Tasked with meeting definitive time and cost targets - which are easily set in stone and readily understood, project managers (PMs) frequently respond by making adjustments to something much more malleable - scope. If it is not sufficiently governed and informed by the project's vision and motivation, scope is typically not set in stone and not so readily understood.

Skilled and experienced BAs play a crucial role in understanding, articulating and sustaining the vision and motivation.

Skilled and experienced BAs play a crucial role in understanding, articulating and sustaining the vision and motivation. They achieve this through a process of requirements engineering and assurance (RE&A) that clearly defines what must be done to realise the vision and how best to do it. They define scope in a manner that is understood by all stakeholders, and they ensure any changes are subject to the trinity's approval.

Without accurate RE&A that precisely reflects the vision and motivation, PMs cannot be provided with an accurate and detailed understanding of scope. They don't clearly recognise where they're going or the reasons why. They do, however, have great clarity on when to get there and how much they can spend.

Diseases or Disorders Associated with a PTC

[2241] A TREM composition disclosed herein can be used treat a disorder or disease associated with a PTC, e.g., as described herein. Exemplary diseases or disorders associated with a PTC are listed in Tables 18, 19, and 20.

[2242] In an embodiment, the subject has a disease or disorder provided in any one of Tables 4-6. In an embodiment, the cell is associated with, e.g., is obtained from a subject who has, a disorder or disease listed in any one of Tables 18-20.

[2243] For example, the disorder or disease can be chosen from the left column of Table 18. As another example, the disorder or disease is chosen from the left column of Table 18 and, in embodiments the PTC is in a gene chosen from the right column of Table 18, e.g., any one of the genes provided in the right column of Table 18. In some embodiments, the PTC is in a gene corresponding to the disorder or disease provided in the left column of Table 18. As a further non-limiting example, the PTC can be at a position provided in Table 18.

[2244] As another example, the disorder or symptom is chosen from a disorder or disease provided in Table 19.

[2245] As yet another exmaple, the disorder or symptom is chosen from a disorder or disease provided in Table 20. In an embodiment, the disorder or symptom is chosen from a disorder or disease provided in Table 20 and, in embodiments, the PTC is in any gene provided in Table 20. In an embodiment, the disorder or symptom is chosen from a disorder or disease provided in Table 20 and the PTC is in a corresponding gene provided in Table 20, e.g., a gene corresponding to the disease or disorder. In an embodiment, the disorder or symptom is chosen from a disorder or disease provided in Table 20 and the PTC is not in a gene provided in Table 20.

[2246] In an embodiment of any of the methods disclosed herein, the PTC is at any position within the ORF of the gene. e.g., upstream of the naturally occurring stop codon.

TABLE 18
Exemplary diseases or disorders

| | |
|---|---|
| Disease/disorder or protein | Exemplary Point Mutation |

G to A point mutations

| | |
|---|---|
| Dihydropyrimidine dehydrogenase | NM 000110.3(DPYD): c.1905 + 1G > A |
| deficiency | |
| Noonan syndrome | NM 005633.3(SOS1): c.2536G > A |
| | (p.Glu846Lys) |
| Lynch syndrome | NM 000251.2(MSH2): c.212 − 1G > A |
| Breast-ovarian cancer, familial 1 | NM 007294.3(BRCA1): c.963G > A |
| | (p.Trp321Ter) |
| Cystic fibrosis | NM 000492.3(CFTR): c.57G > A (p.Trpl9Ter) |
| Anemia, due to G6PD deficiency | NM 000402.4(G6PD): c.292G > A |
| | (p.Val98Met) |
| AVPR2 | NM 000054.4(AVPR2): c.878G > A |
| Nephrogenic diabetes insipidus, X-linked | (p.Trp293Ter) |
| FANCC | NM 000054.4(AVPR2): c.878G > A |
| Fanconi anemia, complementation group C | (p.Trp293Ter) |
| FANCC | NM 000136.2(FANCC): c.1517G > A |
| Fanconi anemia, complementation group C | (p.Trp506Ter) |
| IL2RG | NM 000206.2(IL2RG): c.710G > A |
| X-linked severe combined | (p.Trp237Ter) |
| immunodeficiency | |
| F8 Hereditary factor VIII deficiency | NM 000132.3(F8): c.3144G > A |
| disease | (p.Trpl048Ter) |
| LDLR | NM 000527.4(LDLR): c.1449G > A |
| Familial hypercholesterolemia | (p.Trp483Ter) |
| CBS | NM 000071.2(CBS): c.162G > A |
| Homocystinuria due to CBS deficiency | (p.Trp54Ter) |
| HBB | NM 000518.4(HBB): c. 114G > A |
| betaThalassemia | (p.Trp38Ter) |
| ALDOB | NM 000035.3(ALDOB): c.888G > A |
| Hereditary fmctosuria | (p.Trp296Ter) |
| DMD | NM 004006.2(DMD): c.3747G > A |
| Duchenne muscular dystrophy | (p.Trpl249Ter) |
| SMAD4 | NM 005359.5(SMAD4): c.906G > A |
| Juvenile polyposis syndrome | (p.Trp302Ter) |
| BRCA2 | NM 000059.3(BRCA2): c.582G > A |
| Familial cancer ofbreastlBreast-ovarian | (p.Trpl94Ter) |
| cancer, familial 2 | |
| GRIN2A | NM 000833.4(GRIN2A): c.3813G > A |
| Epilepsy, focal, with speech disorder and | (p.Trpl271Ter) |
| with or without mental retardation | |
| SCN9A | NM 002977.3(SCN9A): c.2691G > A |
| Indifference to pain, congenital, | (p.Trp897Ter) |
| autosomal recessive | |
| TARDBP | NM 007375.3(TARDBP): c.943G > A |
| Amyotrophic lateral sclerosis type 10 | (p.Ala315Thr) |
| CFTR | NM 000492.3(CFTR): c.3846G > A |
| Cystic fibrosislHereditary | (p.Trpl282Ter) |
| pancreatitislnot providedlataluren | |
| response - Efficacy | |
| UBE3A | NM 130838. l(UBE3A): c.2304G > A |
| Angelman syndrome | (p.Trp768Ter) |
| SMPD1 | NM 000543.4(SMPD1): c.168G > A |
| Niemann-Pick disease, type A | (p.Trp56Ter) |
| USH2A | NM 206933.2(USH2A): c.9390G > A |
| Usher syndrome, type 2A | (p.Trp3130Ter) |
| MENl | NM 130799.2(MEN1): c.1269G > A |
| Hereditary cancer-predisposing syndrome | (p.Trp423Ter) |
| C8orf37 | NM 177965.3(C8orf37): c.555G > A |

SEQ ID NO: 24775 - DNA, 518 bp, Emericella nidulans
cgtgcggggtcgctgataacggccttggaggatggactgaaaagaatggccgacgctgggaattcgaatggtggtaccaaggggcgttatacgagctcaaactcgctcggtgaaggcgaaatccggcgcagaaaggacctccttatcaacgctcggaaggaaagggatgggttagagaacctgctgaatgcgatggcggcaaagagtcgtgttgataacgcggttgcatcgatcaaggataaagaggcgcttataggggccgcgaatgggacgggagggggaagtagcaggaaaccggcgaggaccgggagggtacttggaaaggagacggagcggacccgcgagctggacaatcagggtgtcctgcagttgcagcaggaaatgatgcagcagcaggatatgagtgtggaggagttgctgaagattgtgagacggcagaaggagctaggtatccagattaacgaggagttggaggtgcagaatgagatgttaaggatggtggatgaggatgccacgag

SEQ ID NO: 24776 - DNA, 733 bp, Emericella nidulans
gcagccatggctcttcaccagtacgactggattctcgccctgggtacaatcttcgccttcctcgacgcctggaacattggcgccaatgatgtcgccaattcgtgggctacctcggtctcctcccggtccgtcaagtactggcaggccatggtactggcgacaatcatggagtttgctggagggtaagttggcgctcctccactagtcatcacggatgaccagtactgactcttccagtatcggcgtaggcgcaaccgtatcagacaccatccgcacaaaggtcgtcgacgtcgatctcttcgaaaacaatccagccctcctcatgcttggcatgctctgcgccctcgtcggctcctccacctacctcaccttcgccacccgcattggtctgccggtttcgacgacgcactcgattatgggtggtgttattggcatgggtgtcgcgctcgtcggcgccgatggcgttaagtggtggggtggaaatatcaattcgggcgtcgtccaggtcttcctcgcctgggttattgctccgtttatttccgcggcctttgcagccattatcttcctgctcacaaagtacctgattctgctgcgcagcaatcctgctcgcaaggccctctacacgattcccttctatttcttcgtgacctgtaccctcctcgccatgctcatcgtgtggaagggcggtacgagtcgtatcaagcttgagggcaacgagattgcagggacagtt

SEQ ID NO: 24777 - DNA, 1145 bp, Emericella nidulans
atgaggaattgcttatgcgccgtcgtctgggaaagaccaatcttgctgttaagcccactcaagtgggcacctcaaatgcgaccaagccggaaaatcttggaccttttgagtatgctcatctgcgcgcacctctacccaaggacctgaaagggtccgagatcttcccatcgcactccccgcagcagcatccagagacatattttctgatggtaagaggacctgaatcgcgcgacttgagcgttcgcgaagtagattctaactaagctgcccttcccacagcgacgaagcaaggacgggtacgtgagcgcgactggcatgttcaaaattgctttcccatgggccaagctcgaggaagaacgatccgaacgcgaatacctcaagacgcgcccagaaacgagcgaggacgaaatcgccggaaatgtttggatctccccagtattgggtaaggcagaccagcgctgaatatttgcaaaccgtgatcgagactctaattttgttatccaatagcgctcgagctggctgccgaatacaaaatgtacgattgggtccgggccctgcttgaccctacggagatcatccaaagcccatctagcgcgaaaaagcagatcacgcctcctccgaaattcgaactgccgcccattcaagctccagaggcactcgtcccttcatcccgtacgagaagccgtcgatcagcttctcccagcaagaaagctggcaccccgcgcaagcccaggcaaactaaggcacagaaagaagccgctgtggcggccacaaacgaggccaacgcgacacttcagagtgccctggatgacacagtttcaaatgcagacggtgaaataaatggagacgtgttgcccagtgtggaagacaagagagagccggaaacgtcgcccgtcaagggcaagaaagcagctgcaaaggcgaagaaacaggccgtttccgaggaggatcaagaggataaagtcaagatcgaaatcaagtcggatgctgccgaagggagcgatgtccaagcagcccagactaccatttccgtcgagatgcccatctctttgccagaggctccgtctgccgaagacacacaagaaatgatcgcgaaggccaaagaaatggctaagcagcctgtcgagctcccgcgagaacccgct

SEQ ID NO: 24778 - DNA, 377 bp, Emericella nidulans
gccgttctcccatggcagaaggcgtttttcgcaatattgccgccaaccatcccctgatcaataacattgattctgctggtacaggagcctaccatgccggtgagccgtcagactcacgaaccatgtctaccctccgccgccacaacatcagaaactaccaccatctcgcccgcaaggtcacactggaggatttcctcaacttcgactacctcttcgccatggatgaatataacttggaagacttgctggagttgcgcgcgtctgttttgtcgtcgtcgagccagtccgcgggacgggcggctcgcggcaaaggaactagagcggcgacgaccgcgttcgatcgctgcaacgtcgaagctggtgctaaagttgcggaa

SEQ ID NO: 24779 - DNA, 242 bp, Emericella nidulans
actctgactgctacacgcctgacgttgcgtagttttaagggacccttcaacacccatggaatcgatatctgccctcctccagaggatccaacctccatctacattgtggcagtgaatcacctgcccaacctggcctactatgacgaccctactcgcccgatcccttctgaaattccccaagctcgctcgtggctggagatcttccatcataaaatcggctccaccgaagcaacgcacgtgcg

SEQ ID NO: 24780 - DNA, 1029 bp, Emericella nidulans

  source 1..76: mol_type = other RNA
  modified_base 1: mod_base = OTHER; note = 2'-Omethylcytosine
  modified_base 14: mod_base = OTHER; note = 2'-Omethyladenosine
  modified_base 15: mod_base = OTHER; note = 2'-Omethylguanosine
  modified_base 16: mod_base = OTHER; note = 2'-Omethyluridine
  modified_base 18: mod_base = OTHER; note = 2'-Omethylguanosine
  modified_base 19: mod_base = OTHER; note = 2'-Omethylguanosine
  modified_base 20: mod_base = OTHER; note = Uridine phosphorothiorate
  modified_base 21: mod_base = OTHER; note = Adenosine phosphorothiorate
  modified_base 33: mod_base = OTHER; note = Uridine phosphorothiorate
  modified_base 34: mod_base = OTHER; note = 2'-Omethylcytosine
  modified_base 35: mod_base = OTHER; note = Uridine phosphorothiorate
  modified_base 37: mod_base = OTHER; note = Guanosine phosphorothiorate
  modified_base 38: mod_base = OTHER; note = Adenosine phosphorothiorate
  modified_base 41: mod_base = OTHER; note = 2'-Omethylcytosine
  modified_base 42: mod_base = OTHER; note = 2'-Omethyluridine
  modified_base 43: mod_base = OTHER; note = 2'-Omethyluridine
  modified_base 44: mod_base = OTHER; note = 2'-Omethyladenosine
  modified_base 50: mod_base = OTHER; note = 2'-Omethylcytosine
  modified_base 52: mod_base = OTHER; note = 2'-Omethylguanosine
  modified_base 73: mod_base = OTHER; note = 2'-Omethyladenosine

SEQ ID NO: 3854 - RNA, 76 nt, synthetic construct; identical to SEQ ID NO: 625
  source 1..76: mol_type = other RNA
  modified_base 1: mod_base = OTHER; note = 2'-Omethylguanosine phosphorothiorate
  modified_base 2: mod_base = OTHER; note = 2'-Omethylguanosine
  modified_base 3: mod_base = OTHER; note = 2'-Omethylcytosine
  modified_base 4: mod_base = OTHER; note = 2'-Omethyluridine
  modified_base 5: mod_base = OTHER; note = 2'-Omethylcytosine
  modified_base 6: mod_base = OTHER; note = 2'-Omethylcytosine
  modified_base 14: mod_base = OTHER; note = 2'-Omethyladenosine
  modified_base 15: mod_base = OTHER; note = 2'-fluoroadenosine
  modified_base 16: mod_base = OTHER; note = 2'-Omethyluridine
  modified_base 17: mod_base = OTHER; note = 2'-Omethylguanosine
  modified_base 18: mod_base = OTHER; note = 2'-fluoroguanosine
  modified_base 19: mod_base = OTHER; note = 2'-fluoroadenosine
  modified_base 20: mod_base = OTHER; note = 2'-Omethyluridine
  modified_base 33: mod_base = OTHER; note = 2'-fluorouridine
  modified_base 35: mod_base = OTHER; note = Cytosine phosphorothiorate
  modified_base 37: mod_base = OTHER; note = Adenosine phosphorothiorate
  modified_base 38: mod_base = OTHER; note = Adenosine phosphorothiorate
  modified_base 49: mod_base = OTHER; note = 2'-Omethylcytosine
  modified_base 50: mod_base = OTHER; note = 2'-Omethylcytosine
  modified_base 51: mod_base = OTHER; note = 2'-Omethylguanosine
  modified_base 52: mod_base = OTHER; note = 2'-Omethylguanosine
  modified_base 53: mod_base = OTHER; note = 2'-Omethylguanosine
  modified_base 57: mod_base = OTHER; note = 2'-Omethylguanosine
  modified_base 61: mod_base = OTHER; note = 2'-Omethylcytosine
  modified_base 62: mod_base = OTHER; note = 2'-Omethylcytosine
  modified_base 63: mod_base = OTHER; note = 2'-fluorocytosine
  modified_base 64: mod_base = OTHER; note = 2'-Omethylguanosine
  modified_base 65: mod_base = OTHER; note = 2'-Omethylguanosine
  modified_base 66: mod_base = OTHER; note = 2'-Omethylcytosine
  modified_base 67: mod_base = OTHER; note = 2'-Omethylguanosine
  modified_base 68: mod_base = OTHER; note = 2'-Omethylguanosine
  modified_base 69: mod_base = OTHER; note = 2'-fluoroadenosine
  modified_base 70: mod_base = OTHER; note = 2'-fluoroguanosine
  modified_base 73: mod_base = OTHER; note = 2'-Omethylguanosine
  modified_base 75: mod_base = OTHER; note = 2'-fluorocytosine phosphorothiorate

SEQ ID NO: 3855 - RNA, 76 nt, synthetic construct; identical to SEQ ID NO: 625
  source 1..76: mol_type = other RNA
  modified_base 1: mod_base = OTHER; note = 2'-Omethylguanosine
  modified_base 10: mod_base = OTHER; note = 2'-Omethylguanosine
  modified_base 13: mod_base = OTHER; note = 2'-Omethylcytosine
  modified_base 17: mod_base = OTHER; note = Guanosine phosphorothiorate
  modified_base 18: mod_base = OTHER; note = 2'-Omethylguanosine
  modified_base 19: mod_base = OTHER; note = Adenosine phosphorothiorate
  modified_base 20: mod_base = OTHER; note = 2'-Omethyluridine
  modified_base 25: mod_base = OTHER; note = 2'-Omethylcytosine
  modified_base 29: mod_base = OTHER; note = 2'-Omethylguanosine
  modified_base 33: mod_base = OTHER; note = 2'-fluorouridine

This means it's easier for PMs to manipulate a vague and possibly ambiguous scope in the drive to satisfy the stark requirements of its more demanding and highly visible siblings, time and cost.

For BAs, reinforcing the trinity isn't just limited to supporting the rainmaker. How best to achieve a clearly articulated vision is a hunter function that's aided by BAs who facilitate two-way, consensus-generating communication between business requirements and their IT solutions.

Finally, BAs provide essential support for the messenger's role as they combine different operational activities in service of a single cause: to realise the vision on time and within budget.

Glenda Wheeler

founding director of Tharollo Consulting.

Glenda Wheeler is a founding director of Tharollo Consulting. Her profound understanding of the real factors that cause project failure is complemented by a proven approach to ensuring project success. Established in 1997, Tharollo’s expertise lies in managing R40 million – R300 million initiatives, and is backed by a track-record of 100% success in delivering projects on time and within budget.